Spayed (Desexed) Cat in Heat

Why is my spayed cat calling?

When a cat is spayed (ovariohysterectomy), the ovaries, oviducts, and uterus are removed. The ovaries produce hormones that are responsible for the heat cycle in cats. Therefore when the cat is spayed, the heat cycle should stop. So how can a spayed cat come into heat?

In some cases, a small portion of the ovary is left behind and continues to produce hormones that trigger the heat cycle. When this occurs, she will continue to go into heat, but can not become pregnant. This is known as ovarian remnant syndrome (ORS).

Is the veterinarian at fault?

Not necessarily, some females may have additional ovarian tissue underneath the ovary, which can be easy to miss at the time of surgery.

Symptoms can occur days or years after surgery, there appears to be no breed predisposition.

  • Calling (loudly)
  • Being extra affectionate
  • Restlessness
  • Rolling
  • Lordosis in which the cat lowers her front half and raises the rear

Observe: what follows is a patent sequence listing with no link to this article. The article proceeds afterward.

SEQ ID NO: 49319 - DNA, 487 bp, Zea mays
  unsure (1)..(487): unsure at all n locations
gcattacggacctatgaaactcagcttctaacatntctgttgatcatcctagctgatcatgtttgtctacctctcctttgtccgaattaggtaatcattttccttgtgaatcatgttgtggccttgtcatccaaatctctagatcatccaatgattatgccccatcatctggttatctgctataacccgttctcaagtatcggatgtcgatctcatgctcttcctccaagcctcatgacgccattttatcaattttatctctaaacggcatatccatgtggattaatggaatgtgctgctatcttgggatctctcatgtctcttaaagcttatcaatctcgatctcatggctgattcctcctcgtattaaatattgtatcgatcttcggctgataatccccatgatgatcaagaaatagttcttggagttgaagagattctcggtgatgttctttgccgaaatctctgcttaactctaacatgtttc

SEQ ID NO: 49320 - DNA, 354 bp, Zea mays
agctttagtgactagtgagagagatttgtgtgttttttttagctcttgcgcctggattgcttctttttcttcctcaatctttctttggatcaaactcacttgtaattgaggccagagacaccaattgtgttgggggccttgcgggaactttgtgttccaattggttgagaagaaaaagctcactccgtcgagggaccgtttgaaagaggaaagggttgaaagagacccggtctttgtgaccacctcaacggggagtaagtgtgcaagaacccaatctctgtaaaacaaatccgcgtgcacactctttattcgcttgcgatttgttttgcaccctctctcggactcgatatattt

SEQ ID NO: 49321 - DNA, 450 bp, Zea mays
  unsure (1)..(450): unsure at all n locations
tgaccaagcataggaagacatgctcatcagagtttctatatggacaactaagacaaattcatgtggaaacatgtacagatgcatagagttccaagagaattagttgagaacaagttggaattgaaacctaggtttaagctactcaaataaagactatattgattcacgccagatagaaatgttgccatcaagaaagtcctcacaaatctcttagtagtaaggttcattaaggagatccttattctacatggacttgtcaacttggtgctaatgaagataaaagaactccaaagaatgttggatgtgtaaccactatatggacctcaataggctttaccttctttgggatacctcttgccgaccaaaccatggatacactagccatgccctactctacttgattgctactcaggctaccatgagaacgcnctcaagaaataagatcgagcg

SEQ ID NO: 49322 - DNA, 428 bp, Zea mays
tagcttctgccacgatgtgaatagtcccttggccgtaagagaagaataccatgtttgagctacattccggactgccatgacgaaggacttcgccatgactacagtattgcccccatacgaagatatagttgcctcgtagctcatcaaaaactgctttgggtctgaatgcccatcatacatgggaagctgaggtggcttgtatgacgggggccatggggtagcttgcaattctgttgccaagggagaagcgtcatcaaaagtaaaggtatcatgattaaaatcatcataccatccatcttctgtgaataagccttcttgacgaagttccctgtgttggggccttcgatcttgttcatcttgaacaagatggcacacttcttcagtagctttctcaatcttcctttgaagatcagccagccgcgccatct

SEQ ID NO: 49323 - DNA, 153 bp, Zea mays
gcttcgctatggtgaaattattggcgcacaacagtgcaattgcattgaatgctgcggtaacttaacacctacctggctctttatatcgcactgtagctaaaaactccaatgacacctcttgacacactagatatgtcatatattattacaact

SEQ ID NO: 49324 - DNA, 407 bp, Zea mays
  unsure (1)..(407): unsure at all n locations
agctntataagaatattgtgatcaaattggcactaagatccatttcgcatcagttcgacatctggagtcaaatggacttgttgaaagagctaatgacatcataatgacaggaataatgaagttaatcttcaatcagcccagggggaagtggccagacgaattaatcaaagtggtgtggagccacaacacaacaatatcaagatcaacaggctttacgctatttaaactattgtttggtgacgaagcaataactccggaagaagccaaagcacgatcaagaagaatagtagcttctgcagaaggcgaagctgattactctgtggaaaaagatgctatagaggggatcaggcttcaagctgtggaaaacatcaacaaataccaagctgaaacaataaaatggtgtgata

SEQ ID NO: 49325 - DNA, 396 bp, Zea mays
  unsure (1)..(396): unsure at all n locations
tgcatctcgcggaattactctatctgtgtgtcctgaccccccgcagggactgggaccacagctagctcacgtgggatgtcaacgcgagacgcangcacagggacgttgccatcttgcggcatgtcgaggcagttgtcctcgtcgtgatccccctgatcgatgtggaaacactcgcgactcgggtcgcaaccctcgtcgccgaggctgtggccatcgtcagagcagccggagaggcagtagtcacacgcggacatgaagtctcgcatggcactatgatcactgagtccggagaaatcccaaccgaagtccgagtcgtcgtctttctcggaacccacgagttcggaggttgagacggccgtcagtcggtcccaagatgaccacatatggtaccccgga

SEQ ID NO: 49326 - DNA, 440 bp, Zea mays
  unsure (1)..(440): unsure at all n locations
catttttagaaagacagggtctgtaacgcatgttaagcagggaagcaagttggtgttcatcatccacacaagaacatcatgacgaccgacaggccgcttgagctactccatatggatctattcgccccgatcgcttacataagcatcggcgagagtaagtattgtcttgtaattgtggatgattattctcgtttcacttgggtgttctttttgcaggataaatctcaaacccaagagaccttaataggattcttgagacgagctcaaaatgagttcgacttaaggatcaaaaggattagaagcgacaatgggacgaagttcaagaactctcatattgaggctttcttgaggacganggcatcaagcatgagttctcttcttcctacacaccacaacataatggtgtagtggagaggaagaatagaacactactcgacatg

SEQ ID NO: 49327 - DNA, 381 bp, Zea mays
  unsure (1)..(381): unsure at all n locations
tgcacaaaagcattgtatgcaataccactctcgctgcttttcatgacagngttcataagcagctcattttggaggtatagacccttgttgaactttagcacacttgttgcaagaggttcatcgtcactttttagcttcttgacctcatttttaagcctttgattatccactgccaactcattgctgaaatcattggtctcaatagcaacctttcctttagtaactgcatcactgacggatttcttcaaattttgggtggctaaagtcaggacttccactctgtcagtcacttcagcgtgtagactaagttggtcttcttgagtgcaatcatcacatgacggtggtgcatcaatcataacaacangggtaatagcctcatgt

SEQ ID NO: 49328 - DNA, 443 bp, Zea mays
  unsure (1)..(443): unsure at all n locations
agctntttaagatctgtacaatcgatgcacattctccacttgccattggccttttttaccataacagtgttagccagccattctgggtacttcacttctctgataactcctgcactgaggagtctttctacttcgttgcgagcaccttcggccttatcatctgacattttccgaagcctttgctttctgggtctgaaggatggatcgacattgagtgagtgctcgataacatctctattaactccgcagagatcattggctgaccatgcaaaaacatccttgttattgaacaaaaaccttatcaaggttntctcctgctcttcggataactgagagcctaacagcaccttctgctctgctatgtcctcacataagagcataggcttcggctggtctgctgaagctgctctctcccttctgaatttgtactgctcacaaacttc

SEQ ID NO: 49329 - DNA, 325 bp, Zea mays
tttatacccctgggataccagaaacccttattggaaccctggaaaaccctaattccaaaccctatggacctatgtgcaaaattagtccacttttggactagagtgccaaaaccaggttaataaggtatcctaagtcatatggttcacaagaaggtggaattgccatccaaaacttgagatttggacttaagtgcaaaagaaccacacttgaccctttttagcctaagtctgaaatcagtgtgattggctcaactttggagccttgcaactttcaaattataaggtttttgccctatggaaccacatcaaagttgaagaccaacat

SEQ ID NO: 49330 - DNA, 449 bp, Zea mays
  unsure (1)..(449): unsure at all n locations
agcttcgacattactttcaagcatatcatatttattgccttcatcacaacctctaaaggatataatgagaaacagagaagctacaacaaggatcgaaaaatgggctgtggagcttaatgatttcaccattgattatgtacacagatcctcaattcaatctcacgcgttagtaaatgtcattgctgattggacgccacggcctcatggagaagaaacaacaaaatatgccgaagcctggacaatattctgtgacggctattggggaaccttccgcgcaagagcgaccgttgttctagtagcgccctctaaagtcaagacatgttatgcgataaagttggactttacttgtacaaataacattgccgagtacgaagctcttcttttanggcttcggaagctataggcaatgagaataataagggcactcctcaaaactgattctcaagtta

A cat will mate at this time if given the chance. Although she will not be able to fall pregnant, she is at risk of infectious disease, in particular, feline leukemia virus.


  • Vaginal smear, a sample of cells from the vaginal wall is examined under a microscope. This must be performed at the time of estrus and a positive result will show the presence of cornified vaginal epithelial cells.
  • Testing for elevated estrogen and progesterone levels in blood serum.
  • Ultrasound may reveal the presence of ovarian tissue, however, this may not always be visible on ultrasound.


Surgical exploration to locate and remove the ovarian tissue will be carried out when the cat is in heat when the tissue is more visible.


  • Julia Wilson, 'Cat World' Founder

    Julia Wilson is the founder of Cat-World, and has researched and written over 1,000 articles about cats. She is a cat expert with over 20 years of experience writing about a wide range of cat topics, with a special interest in cat health, welfare and preventative care. Julia lives in Sydney with her family, four cats and two dogs. Full author bio

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